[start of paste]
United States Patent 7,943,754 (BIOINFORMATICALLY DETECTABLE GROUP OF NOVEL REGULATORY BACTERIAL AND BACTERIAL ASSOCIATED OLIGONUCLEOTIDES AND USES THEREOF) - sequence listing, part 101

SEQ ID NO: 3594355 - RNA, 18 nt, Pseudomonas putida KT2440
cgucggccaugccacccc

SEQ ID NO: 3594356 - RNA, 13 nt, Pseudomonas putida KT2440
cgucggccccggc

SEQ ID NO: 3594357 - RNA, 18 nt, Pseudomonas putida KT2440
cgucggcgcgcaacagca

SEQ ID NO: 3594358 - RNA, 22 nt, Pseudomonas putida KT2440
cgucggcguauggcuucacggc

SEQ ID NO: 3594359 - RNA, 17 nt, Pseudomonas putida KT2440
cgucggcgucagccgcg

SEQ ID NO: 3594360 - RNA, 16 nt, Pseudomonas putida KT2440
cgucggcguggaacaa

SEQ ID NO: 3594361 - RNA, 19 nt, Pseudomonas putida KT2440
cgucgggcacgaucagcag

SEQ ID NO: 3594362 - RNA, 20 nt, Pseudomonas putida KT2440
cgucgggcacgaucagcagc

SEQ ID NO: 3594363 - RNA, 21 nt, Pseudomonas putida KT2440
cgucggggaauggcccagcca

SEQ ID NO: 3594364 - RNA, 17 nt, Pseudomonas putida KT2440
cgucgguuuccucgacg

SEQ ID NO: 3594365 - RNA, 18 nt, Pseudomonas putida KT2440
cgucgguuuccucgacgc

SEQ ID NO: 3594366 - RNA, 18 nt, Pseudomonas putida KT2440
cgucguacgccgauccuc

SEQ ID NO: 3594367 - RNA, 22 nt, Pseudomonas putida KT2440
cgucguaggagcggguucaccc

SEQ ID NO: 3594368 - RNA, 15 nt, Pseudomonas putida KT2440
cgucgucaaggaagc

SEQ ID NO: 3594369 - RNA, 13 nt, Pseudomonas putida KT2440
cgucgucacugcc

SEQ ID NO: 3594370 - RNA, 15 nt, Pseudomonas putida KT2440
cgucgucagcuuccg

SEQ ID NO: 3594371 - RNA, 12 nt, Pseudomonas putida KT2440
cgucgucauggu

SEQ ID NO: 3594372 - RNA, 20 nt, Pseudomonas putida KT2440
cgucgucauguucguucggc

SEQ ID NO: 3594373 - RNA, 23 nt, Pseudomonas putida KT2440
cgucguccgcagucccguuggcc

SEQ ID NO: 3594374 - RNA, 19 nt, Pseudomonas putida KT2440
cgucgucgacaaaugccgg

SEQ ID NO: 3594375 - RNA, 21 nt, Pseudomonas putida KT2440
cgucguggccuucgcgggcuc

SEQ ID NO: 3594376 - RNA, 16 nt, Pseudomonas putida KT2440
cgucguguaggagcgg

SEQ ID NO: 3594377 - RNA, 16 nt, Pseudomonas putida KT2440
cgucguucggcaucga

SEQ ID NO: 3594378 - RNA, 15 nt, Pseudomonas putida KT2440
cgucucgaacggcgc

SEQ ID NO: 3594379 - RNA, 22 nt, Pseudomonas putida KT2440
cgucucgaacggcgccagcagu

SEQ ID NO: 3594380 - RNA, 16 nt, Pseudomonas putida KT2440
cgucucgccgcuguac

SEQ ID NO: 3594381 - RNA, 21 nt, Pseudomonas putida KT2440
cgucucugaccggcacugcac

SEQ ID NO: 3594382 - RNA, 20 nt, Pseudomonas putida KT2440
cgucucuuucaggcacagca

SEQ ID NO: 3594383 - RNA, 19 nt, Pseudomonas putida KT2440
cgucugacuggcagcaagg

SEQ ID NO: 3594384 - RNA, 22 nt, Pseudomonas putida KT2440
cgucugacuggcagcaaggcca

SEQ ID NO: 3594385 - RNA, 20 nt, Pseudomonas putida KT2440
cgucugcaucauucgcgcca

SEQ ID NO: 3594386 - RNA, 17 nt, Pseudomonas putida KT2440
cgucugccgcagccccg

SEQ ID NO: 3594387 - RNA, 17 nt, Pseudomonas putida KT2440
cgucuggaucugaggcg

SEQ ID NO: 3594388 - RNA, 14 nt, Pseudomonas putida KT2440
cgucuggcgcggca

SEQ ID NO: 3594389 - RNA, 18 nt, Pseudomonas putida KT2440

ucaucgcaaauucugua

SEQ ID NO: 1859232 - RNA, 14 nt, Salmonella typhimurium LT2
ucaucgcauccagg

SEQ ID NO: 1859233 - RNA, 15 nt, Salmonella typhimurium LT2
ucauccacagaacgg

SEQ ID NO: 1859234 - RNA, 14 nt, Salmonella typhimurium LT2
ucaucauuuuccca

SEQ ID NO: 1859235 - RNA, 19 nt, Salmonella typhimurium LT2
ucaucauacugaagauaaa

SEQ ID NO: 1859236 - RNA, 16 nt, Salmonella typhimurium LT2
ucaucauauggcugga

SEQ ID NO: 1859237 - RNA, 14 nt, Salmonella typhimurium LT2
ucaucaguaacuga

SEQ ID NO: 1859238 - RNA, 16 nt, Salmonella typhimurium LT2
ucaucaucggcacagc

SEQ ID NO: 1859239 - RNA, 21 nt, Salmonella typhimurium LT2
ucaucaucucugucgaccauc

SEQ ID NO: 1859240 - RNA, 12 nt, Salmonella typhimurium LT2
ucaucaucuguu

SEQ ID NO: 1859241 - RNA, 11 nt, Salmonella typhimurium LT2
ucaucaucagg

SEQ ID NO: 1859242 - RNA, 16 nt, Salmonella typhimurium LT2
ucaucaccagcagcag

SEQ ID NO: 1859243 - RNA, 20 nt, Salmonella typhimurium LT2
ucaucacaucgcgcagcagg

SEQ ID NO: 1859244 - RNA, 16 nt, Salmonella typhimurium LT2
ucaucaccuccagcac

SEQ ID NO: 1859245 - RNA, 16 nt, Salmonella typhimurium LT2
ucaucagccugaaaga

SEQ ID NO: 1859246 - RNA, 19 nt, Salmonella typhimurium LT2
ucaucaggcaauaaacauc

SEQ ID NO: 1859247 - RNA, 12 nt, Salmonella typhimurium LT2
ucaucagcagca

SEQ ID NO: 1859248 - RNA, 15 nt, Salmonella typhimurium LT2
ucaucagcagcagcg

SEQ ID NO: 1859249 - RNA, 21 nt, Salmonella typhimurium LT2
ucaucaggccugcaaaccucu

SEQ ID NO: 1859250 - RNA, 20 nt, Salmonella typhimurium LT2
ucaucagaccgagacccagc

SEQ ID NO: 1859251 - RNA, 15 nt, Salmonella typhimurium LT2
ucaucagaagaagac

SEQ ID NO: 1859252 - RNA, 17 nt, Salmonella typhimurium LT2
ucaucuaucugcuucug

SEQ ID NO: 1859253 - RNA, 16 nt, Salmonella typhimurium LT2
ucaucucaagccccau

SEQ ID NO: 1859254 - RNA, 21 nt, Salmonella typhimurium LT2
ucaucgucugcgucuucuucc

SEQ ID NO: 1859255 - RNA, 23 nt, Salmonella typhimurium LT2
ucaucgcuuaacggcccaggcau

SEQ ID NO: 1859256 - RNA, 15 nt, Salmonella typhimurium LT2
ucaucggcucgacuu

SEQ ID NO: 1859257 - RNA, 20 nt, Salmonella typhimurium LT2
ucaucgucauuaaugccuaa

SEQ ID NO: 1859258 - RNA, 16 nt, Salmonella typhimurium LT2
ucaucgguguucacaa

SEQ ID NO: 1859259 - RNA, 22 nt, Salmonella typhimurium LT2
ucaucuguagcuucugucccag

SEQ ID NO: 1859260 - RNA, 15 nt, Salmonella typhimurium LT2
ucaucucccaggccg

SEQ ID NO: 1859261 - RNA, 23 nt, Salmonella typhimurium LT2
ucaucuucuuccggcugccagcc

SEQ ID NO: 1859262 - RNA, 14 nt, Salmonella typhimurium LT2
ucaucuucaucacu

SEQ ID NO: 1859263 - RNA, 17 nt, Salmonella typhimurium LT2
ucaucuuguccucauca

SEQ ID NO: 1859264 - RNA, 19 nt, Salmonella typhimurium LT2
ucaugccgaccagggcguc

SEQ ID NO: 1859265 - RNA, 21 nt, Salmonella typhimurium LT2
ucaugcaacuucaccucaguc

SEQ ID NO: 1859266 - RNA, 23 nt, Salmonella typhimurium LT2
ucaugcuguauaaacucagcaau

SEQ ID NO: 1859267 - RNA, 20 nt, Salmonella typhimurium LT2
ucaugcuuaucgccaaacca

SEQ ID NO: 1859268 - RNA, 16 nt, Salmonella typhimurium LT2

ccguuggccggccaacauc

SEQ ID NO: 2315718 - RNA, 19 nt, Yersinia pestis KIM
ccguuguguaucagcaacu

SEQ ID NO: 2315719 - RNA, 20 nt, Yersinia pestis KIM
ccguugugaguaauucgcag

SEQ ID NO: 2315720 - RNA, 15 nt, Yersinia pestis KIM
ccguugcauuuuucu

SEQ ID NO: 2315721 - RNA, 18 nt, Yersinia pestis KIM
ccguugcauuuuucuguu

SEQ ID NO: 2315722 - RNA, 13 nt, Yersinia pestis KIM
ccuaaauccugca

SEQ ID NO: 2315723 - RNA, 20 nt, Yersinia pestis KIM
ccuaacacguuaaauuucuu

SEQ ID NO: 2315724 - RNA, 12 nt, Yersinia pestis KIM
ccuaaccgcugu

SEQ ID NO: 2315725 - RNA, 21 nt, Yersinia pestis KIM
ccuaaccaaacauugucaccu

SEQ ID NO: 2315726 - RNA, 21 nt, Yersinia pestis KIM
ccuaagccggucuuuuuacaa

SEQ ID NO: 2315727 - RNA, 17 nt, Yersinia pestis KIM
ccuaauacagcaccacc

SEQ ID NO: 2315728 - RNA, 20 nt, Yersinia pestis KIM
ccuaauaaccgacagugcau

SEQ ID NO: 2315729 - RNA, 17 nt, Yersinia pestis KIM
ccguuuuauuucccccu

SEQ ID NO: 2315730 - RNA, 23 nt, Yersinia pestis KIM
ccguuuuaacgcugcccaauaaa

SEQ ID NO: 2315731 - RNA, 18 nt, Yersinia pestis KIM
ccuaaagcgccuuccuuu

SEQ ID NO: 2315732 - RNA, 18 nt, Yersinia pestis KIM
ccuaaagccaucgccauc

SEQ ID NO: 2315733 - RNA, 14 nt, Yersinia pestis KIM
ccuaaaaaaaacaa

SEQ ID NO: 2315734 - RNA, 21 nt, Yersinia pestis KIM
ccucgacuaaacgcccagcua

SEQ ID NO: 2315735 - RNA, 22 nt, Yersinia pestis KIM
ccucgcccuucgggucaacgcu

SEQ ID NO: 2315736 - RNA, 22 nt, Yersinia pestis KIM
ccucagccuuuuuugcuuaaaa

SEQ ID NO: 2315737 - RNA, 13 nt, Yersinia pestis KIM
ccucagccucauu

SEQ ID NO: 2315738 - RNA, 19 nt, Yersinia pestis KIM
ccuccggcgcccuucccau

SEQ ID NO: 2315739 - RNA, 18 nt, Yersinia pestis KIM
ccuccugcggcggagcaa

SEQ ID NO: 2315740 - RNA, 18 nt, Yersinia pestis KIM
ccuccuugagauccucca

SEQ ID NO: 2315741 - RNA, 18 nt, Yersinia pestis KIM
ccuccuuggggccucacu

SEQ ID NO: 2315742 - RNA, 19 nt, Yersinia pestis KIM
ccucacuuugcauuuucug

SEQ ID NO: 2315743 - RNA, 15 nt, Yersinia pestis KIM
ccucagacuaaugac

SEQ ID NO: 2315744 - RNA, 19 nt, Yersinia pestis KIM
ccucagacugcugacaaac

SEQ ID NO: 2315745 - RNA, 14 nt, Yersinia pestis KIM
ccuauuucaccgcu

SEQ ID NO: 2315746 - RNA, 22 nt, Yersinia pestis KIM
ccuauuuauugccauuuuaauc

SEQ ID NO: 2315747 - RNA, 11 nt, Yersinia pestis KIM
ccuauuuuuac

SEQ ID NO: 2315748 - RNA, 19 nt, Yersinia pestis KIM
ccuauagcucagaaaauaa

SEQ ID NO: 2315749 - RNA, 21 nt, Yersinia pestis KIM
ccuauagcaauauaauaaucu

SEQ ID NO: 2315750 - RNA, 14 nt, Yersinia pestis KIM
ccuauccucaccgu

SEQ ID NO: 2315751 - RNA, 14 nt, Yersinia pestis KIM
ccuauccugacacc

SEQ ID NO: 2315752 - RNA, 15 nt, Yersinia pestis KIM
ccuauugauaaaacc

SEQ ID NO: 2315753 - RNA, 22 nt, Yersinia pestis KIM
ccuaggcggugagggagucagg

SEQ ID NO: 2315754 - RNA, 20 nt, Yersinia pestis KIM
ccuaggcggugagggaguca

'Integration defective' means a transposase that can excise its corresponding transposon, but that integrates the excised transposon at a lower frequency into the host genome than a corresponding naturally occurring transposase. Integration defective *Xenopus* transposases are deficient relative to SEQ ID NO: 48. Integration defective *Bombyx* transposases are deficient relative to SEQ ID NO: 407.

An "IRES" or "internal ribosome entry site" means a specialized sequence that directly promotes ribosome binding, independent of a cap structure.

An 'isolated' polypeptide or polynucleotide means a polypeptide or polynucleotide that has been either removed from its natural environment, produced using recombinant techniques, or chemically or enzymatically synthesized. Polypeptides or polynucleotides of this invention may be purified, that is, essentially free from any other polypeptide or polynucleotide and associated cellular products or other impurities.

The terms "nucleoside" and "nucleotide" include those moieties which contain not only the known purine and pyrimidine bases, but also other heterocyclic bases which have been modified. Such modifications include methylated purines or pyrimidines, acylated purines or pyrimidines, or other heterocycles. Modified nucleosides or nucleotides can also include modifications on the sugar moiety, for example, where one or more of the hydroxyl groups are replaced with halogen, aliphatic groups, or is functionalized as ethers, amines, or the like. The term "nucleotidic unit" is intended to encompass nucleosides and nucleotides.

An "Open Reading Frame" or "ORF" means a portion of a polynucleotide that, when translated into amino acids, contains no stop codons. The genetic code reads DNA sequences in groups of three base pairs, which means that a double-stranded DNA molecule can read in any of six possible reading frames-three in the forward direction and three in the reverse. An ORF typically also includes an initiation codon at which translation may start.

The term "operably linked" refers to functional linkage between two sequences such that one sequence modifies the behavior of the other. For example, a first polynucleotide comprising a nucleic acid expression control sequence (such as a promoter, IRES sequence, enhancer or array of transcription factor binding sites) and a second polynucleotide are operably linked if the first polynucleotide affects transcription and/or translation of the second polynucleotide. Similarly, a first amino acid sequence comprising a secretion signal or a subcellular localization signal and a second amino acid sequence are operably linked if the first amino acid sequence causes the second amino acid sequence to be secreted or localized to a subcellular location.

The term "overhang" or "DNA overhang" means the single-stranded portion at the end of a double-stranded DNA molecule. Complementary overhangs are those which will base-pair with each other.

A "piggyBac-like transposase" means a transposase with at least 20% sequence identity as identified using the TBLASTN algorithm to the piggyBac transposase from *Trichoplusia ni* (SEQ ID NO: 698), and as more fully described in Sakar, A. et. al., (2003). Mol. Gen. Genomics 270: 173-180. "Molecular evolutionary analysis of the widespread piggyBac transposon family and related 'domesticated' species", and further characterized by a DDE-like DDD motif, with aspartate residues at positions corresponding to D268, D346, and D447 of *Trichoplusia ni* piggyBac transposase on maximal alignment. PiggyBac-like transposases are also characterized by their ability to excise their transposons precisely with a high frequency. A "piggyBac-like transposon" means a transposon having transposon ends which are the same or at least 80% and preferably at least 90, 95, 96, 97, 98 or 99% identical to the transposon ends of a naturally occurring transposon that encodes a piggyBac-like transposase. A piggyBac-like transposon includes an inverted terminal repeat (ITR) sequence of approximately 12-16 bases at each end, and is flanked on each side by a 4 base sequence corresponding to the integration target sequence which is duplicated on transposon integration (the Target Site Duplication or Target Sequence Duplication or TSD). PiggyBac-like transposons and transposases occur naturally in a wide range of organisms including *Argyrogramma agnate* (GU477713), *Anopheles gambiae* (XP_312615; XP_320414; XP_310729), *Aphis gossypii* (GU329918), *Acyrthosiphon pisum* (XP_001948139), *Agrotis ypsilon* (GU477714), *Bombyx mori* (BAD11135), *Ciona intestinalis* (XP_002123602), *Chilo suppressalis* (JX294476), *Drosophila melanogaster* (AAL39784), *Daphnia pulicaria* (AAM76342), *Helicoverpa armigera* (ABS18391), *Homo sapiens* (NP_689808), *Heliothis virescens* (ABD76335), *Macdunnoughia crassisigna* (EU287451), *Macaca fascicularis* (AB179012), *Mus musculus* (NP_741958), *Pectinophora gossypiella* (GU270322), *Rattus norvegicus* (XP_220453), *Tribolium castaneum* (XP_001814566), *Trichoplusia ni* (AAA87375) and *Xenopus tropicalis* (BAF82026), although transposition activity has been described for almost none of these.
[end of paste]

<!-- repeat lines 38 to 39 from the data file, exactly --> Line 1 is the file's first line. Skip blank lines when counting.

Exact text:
SEQ ID NO: 3594373 - RNA, 23 nt, Pseudomonas putida KT2440
cgucguccgcagucccguuggcc